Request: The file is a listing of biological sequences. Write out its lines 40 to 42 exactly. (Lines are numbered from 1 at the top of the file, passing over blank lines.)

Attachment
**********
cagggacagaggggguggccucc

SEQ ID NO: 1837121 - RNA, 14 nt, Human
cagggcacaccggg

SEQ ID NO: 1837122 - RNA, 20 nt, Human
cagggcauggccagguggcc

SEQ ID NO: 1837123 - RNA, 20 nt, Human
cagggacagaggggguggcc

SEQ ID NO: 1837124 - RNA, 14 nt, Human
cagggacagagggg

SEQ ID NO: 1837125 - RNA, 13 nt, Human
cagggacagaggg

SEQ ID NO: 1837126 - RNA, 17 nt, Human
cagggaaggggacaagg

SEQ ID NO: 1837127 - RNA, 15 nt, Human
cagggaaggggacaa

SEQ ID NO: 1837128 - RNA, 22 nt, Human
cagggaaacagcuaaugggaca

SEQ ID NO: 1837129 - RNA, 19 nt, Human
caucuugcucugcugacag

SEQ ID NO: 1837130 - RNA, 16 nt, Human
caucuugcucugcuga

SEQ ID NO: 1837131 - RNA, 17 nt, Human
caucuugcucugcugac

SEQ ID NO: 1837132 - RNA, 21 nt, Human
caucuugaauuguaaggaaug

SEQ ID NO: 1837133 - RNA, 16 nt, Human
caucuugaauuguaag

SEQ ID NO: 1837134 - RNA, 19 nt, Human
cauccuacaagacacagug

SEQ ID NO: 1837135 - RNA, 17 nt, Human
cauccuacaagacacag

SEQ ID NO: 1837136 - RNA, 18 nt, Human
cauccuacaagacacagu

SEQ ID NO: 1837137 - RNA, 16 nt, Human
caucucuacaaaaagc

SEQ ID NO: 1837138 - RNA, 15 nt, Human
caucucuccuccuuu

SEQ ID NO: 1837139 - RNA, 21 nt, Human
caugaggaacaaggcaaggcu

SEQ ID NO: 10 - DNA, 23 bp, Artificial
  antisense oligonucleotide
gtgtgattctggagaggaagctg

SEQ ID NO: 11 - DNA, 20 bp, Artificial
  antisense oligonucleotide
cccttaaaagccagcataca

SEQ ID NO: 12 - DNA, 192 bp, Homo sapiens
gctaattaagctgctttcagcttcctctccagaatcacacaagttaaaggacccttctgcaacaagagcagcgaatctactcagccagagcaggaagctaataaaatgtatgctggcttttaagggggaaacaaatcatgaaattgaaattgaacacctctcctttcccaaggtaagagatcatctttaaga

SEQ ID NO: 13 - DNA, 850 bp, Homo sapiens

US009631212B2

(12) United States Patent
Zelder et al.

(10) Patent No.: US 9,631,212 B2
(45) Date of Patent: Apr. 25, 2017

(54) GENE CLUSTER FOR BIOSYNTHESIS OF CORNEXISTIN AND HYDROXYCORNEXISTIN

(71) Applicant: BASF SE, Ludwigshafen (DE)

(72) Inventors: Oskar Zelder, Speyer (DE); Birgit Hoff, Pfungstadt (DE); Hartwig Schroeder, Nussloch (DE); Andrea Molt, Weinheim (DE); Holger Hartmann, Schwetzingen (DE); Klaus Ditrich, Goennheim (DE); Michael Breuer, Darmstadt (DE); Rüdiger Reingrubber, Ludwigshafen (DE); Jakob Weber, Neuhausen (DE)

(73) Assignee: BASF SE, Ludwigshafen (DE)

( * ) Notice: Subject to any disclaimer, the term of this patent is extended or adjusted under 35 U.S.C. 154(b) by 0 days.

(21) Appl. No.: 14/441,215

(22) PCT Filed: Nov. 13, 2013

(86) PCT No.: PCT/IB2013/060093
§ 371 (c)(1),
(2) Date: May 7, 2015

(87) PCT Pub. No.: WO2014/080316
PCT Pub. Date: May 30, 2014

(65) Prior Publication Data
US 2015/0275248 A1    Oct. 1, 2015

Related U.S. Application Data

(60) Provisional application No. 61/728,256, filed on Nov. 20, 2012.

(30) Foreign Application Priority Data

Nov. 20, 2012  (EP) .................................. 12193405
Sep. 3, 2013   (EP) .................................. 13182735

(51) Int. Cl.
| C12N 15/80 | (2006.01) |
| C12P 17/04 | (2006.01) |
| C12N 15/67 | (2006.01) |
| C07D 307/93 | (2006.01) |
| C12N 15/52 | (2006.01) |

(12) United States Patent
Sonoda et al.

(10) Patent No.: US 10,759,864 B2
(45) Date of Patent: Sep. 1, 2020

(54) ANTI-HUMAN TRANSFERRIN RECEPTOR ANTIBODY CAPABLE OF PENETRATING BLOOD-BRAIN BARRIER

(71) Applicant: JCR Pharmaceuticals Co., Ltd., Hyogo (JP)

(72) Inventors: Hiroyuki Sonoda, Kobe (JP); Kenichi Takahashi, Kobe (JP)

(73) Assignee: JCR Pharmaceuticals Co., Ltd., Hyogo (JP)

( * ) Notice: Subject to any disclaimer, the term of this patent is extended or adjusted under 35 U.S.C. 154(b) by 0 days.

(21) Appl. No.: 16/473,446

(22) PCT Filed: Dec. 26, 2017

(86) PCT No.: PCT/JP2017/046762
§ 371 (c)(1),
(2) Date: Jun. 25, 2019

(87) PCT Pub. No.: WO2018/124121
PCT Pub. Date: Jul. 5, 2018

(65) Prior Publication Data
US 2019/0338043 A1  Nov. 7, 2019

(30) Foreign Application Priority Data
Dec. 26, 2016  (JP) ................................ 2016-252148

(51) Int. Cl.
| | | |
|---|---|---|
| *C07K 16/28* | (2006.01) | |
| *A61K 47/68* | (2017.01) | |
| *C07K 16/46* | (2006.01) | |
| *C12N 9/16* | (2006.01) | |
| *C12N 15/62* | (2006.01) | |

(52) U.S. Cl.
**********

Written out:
SEQ ID NO: 10 - DNA, 23 bp, Artificial
  antisense oligonucleotide
gtgtgattctggagaggaagctg